News: Fifth graders learn economic value of Savannah harbor deepening
Story by Tracy Robillard
SAVANNAH, Ga. - To a room full of fifth graders, a one dollar bill gets attention.
But the idea of turning that $1 into $5.50 thrills them!
That's the benefit-to-cost ratio for the U.S. Army Corps of Engineers' Savannah Harbor Expansion Project (SHEP)—a plan to deepen the Savannah River shipping channel from 42 feet to 47 feet to accommodate larger ships and increase shipping efficiencies.
For every one dollar that American taxpayers invest in the $652 million project, the nation will yield a net benefit of $5.50. That equates to $174 million in net benefits annually throughout the lifespan of the project.
A team from the Corps' Savannah District explained the SHEP to 145 students at Gould Elementary School during an interactive presentation, Aug. 27. The group included the entire fifth grade class as well as students in the school's gifted program.
The presentation was part of a special six-week unit of study focusing on the harbor deepening.
Jamie McGrath, gifted specialist at Gould Elementary, chose to highlight the harbor deepening as part of the curriculum because it's a project in their own backyards.
McGrath wanted the students to form their own opinions about the project and write letters to government officials expressing their viewpoints.
"We chose the SHEP as a focus for our unit of study because it correlates with our science standards, and provides students with a real-life situation where their writing stands to have some influence," McGrath said. "Writing exercises are fine, but when they're researching and responding to something big happening in our world, students engage more fully in the writing process."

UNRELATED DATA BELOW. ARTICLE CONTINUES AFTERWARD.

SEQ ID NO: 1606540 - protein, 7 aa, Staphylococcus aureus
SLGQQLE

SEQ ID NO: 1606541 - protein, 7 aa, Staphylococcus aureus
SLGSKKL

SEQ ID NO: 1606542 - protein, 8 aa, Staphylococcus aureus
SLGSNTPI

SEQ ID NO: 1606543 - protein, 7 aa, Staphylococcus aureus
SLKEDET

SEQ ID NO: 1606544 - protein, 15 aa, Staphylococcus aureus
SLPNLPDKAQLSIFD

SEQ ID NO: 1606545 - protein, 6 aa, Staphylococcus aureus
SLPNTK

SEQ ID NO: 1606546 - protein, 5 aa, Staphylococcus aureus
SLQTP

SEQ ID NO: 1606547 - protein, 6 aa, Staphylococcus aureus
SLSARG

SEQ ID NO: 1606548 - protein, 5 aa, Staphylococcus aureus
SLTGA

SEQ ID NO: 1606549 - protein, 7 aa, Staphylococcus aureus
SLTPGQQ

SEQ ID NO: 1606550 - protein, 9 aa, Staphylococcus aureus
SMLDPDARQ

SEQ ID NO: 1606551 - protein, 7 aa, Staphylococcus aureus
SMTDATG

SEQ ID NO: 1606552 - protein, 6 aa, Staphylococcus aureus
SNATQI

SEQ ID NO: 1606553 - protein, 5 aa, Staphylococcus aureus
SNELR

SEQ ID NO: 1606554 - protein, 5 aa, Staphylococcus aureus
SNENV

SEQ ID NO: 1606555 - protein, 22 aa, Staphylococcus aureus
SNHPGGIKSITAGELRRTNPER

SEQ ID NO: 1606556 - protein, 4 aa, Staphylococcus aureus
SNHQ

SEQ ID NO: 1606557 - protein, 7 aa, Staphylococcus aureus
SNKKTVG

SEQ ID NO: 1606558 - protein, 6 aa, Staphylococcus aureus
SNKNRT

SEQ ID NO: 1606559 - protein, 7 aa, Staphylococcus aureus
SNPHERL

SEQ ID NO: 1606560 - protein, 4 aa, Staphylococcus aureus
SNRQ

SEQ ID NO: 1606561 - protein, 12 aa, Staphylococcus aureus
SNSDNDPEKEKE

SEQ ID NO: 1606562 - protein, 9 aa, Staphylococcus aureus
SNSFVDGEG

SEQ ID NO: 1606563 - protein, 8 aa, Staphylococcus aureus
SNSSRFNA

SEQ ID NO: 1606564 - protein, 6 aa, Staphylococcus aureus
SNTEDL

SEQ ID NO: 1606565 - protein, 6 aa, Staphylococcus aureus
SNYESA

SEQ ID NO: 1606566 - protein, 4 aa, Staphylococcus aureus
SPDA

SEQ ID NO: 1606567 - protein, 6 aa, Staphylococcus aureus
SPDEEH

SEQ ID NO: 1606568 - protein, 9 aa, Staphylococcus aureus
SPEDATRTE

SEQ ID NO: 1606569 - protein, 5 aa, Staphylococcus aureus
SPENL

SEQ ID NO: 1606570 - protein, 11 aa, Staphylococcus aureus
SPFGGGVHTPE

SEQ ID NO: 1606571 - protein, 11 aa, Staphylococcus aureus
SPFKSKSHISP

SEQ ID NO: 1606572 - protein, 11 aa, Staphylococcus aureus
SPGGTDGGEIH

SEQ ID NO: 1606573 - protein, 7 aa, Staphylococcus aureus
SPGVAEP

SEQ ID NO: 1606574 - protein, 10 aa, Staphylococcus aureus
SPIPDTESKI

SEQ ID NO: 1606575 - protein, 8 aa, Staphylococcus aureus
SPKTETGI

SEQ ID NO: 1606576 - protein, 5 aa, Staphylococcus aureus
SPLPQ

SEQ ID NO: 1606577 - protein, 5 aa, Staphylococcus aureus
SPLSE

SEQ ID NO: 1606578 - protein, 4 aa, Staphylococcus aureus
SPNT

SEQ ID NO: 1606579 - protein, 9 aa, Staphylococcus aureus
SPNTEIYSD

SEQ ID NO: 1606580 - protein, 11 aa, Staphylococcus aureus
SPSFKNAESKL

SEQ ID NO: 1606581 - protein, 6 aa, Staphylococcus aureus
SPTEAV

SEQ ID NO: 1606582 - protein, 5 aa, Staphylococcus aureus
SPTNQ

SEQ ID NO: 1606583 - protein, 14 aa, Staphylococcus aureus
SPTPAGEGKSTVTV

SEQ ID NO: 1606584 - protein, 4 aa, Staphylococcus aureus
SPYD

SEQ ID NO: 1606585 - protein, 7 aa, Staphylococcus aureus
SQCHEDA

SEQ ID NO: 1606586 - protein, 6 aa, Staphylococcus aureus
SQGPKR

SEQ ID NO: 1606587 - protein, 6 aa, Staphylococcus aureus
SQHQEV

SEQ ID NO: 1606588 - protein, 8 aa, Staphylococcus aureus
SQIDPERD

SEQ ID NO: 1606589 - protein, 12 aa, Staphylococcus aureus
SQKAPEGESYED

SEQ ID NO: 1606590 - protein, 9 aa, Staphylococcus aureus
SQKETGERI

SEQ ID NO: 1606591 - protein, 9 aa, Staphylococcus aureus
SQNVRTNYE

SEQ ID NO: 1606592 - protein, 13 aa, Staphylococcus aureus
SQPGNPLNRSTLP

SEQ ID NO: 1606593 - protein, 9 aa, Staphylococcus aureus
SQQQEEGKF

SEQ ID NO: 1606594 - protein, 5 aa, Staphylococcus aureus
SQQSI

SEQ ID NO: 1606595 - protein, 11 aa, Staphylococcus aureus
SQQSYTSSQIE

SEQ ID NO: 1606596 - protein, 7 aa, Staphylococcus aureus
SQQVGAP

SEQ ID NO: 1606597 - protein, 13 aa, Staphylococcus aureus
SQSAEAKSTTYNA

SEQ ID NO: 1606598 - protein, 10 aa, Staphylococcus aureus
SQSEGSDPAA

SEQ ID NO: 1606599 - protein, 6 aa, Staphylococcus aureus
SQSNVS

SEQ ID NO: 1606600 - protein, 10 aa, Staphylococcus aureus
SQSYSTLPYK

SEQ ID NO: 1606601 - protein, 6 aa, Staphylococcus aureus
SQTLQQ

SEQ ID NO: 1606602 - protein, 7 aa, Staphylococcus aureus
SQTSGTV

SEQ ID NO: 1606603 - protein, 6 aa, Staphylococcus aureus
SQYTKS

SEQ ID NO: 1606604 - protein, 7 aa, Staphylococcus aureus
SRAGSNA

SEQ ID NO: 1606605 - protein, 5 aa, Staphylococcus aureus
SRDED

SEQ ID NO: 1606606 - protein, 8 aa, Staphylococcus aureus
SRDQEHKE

Billy Birdwell, senior public affairs specialist, led the presentation and discussed the key engineering, environmental, and economic aspects of the Corps' 13-year study to deepen the harbor.
"We've been studying this deepening since before you were born," he told the class. "If you were to put our report in binders and stack them on the floor, it would go through the ceiling."
Birdwell discussed various environmental mitigation projects associated with the project—including the installation of "Speece Cones" to inject dissolved oxygen into the river. He also mentioned plans to recover and preserve the underwater CSS Georgia Civil War ironclad; plans to build a fish bypass upstream near Augusta at the New Savannah Bluff Lock and Dam; and plans to acquire land for the Savannah National Wildlife Refuge.
The children responded with questions about potential impacts to the Floridan aquifer—a major source of drinking water for the area—and questions about impacts to fish and aquatic ecosystems.
"Their initial reaction to dredging the river was decidedly negative; they thought the environmental and investment costs [were] too high," McGrath said. "However, as they learned about the economic benefits and environmental mitigations in place, their opinions shifted to where they see the wisdom and benefits of the SHEP. Many also have family, friends or relatives who work for Georgia Ports Authority (GPA) or [the] CSX [railroad]."
In addition to a visit from the Corps, the school will also welcome members from the U.S. Fish and Wildlife Service (USFWS) and GPA—both key cooperating partners in the project.
Learn more about the SHEP on the Savannah District's website at www.sas.usace.army.mil.